If the topic of feminism puts you off in any way, then seeing Millicent Sarre’s Friendly Feminism for the Mild Mannered will change that. It’s exactly what it says it is – perfectly amiable, vitriol-free feminism, packaged up in a cabaret of catchy pop tunes and tasteful lyrics.
Calling herself a “non-badass feminist”, singer and songwriter Sarre, and her all-female band take you through ten short and snappy songs which Sarre composed herself, based on her own experiences and personal reflections. Together with witty, humorous dialogue, and a vocal range to rival songbirds, she simultaneously tackles misogyny, mansplaining, and more. For some people, it’s an exposition of modern intersectional feminism. For others, it’s a display of camaraderie and reassurance.
Sarre has an exceptional talent for songwriting and storytelling. The lyrics are clever and geniously-scripted to rhythmic verse that fits the style of music perfectly. Her first (and hopefully not her last) “white-girl rap” number, ‘The ABC of Feminism’ is an impressive showcase of this talent. It’s a series of intelligent prose that becomes increasingly biting, but never polemic – something which Sarre has a knack for, exemplified in all her songs. The rap number is made only more perfect to the beatbox of Jemma Allen, Sarre’s backup vocalist and entertaining right hand woman.
Sarre’s positivity and non-confrontational character is reflected in her style of music. Her ditties are typically lighthearted, melodious, and cute, even. With her honeyed voice, they could easily be mistaken as regular pop songs you could have children singing along to.
And why wouldn’t you? Though they are by no means regular, most of her songs are wonderfully illuminating, whilst perfectly palatable for a range of audiences. Such songs include her own take on one particular popular and quippy British animation about consent. ‘The Tea Song’, which goes one step further in endorsing enthusiastic consent, is so ridiculously catchy, it’s guaranteed to make you (and the kids) hum and smile days later, particularly when making or drinking tea.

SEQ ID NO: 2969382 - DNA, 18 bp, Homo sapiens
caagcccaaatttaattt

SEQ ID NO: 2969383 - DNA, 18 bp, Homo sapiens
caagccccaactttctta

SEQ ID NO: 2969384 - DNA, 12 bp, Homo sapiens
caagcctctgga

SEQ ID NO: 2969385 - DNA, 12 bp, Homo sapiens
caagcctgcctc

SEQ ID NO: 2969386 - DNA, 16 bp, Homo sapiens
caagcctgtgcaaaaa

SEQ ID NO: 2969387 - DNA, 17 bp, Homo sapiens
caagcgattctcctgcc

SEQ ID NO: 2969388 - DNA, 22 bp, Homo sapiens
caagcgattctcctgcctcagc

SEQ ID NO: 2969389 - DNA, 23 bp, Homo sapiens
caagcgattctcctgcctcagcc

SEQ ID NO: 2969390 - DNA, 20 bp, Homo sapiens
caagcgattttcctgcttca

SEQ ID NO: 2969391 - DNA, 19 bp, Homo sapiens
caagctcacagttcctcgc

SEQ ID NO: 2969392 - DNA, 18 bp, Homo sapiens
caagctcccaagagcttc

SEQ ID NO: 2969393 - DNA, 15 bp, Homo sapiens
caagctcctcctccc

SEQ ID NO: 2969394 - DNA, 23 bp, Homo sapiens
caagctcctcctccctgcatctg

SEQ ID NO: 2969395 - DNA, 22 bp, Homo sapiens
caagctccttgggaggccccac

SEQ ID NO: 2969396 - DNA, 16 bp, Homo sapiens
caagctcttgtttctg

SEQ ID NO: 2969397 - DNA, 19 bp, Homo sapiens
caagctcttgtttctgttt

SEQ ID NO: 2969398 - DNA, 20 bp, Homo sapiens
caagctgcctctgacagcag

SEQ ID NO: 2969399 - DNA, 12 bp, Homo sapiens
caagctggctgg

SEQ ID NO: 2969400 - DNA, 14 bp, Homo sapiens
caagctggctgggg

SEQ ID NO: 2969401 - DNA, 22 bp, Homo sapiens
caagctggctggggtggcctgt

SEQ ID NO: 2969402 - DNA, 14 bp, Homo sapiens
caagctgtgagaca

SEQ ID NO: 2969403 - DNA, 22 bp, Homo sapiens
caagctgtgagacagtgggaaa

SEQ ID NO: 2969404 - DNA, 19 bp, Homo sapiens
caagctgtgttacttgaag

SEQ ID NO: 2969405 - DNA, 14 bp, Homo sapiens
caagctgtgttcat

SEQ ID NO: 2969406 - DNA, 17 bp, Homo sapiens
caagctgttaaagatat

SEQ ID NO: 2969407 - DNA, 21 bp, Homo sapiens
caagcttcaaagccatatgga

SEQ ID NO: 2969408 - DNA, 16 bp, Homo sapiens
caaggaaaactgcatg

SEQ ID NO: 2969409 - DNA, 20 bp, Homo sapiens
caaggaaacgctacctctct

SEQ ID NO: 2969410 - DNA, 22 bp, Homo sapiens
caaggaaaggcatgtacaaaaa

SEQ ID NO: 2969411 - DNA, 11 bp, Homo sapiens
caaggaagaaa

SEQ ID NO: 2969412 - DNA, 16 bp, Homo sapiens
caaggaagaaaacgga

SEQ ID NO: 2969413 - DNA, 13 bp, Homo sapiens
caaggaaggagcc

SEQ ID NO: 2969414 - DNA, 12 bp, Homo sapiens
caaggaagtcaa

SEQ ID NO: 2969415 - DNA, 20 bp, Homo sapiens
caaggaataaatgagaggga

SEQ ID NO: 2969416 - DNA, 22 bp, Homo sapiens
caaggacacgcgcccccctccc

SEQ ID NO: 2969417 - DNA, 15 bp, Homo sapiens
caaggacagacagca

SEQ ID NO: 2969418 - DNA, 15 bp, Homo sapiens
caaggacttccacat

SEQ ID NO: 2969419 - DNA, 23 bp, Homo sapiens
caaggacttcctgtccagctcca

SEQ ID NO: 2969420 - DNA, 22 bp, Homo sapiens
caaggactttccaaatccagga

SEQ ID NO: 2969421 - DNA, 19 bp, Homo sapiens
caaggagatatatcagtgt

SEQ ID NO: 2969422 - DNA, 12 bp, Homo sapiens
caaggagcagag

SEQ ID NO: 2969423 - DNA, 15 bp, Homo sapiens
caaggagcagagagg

From cheery alto to soaring soprano, Sarre’s voice transforms to soft, bluesy tones for a repertoire of ballads remarking heavier topics. Her songs ‘It’s Okay to Cry’, and ‘Welcome to the Female Experience’, address toxic masculinity, domestic violence, and rape culture. I saw a man in the second row nod in agreement as Sarre invited us to think about how we talk to men, and how toxic masculinity’s domino effect “hurts more than men”. Her lyrics become more serious and earnest, but by no means moralistic.
‘Me Too’ is her own contribution to the popular feminist movement that happened during a period in her life where she too, was forced to deal with her own sexual assault. Raw and brave, the song also addresses the issue of underlying male superiority and skewed ideas of women as possessions that we as a society still grapple with.
Perhaps the most illuminating part of all is Sarre’s demonstration of prudent awareness of her own privilege, and in doing so, she helps the audience understand what intersectional feminism means. As a caucasian female she throws open to the audience the question of the incessant threat of violence against people who belong to more than one vulnerable group. Through her song ‘Ally’, she doubles down on her commitment to be a friend to them.
Together with her talented team featuring Jemma Allen (back up vocals), Danni Sikanen (bass), Kyrie Anderson (drums), and Maddy Gibbons (sound and lighting), Millicent Sarre’s sincerity, music, and lyrics may very well be the force of change we need to shake things up about how we see feminism.
Friendly Feminism for the Mild Mannered is an exceptionally perceptive yet entertaining feminist cabaret that doesn’t push, demean or scare. You’ll leave the show feeling like you’ve just been given some good advice and a fresh perspective from a friend and ally.
Don’t delay in seeing Friendly Feminism for the Mild Mannered, performing at The Bally, Gluttony for Adelaide Fringe until 1 March 2020.
Reviewed performance: Saturday 22 February